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Should undocumented immigrants be welcomed in Detroit?




A banner on a building in downtown Detroit is shown  July 18, 2013 in Detroit, Michigan. Detroit today filed for Chapter 9 bankruptcy, making it the largest city to file for bankruptcy in U.S. history. Between the years 2000 and 2010, Detroit's population declined by a quarter of a million people.
A banner on a building in downtown Detroit is shown July 18, 2013 in Detroit, Michigan. Detroit today filed for Chapter 9 bankruptcy, making it the largest city to file for bankruptcy in U.S. history. Between the years 2000 and 2010, Detroit's population declined by a quarter of a million people.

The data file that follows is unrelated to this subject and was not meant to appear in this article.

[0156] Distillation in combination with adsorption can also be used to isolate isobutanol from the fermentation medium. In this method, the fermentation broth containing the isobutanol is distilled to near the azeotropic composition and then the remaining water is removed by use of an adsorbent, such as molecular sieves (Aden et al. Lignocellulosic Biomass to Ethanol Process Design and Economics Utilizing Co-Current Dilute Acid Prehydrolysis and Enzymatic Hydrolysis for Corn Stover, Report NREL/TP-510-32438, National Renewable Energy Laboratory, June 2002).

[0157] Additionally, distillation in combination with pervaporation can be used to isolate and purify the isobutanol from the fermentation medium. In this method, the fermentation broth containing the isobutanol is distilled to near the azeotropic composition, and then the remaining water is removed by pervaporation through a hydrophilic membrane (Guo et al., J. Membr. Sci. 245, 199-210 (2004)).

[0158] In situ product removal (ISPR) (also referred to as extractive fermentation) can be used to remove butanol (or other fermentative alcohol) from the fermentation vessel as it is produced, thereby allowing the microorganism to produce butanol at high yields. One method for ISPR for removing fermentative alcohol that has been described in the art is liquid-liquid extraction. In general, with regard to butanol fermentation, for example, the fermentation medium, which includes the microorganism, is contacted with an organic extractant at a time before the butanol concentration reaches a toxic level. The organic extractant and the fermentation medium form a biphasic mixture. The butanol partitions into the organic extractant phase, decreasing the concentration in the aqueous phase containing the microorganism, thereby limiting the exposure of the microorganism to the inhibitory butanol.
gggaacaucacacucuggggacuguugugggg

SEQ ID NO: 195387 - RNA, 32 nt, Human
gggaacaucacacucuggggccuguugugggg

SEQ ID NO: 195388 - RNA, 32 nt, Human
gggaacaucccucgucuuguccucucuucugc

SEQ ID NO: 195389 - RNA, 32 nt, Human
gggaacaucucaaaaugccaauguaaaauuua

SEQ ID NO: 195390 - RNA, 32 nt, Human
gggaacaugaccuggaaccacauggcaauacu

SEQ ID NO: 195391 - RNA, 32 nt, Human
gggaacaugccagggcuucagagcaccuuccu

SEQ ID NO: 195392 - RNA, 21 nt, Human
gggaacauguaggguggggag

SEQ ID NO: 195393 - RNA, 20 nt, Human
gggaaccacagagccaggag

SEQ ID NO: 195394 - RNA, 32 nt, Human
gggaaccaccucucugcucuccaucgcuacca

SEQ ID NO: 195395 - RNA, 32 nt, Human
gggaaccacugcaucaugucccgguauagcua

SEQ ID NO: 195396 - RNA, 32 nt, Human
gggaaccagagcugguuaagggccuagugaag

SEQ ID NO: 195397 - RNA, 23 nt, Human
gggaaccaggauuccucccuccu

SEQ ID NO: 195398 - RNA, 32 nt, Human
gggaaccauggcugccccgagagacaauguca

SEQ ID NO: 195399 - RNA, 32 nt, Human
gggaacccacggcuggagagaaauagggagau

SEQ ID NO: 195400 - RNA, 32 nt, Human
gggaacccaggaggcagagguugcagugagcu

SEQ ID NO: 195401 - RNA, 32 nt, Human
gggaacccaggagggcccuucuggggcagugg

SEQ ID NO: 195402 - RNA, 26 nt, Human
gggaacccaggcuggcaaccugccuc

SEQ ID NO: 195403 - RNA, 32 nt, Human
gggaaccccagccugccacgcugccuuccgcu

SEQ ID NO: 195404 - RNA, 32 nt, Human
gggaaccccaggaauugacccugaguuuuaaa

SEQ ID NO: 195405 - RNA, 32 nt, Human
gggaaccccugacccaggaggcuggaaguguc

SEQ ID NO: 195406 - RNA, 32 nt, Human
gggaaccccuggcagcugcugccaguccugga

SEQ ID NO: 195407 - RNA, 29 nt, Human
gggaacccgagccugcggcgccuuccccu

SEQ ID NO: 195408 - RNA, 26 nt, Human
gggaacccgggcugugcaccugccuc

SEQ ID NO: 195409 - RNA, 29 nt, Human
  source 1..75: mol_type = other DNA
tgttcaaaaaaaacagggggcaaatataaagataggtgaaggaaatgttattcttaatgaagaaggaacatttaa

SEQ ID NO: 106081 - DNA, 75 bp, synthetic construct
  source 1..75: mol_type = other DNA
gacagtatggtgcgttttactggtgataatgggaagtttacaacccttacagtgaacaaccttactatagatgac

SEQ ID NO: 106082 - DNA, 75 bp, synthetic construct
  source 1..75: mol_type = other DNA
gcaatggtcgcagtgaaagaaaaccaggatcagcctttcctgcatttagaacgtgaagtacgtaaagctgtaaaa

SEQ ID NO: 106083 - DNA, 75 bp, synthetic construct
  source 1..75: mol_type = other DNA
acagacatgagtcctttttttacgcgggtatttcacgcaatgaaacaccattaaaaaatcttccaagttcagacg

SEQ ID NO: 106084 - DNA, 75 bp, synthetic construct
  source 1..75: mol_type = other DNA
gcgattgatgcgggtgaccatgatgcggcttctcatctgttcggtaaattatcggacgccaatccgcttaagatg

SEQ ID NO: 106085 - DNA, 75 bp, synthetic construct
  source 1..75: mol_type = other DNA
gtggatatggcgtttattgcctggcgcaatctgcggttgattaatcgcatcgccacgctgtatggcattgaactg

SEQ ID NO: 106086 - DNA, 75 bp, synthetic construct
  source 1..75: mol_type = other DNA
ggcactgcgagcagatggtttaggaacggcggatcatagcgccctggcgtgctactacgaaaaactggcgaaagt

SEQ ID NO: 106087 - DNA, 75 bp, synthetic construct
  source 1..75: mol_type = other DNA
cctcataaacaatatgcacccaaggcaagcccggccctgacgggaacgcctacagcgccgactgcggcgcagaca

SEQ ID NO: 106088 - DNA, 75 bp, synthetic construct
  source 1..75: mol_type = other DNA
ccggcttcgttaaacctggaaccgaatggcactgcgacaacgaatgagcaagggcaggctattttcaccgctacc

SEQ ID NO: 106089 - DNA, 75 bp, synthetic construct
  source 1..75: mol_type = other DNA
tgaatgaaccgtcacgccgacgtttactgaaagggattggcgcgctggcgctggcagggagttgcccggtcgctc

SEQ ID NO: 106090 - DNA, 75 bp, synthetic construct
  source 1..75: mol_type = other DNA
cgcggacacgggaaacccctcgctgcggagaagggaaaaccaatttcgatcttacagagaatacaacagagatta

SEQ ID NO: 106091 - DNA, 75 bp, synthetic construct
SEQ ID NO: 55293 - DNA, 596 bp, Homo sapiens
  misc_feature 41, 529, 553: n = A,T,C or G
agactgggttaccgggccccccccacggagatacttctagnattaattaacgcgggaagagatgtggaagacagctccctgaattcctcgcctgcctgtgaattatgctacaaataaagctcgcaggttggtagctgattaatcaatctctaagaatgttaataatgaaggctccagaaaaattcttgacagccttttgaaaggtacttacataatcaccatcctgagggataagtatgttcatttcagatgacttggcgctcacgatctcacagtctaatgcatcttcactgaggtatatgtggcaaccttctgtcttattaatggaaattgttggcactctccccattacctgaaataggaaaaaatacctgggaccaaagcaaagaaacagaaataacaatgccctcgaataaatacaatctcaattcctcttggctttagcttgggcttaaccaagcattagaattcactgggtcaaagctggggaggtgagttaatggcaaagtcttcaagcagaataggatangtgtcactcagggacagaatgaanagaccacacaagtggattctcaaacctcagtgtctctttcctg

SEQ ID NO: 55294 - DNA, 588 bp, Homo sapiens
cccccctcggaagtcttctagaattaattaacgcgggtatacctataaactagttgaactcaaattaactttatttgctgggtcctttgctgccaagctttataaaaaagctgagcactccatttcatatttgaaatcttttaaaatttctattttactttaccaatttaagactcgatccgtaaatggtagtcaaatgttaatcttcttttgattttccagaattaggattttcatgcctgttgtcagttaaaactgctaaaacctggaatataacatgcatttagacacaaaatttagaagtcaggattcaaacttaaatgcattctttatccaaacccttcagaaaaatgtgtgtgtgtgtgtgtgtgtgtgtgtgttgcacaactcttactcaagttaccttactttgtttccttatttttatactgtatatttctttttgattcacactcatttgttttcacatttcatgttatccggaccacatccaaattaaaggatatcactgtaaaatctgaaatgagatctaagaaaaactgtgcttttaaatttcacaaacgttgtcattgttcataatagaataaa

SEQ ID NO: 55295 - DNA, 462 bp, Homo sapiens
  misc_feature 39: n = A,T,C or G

Bill Pugliano/Getty Images

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Pressure has been building from business leaders and politicians on both sides of the aisle to do something to reform U.S. immigration policies.

But with legislation seemingly stalled in the house, one research scholar from NYU has a provocative idea: Allow the undocumented to move to the U.S., provided they move to Detroit or any other city in need of more people and an economic boost.

Think of it as an H1-B Visa but for states instead of companies.

Brandon Fuller is deputy director if NYU Stern School of Business's Urbanization Project. He joins the show to explain his idea, which was written about recently in the National Journal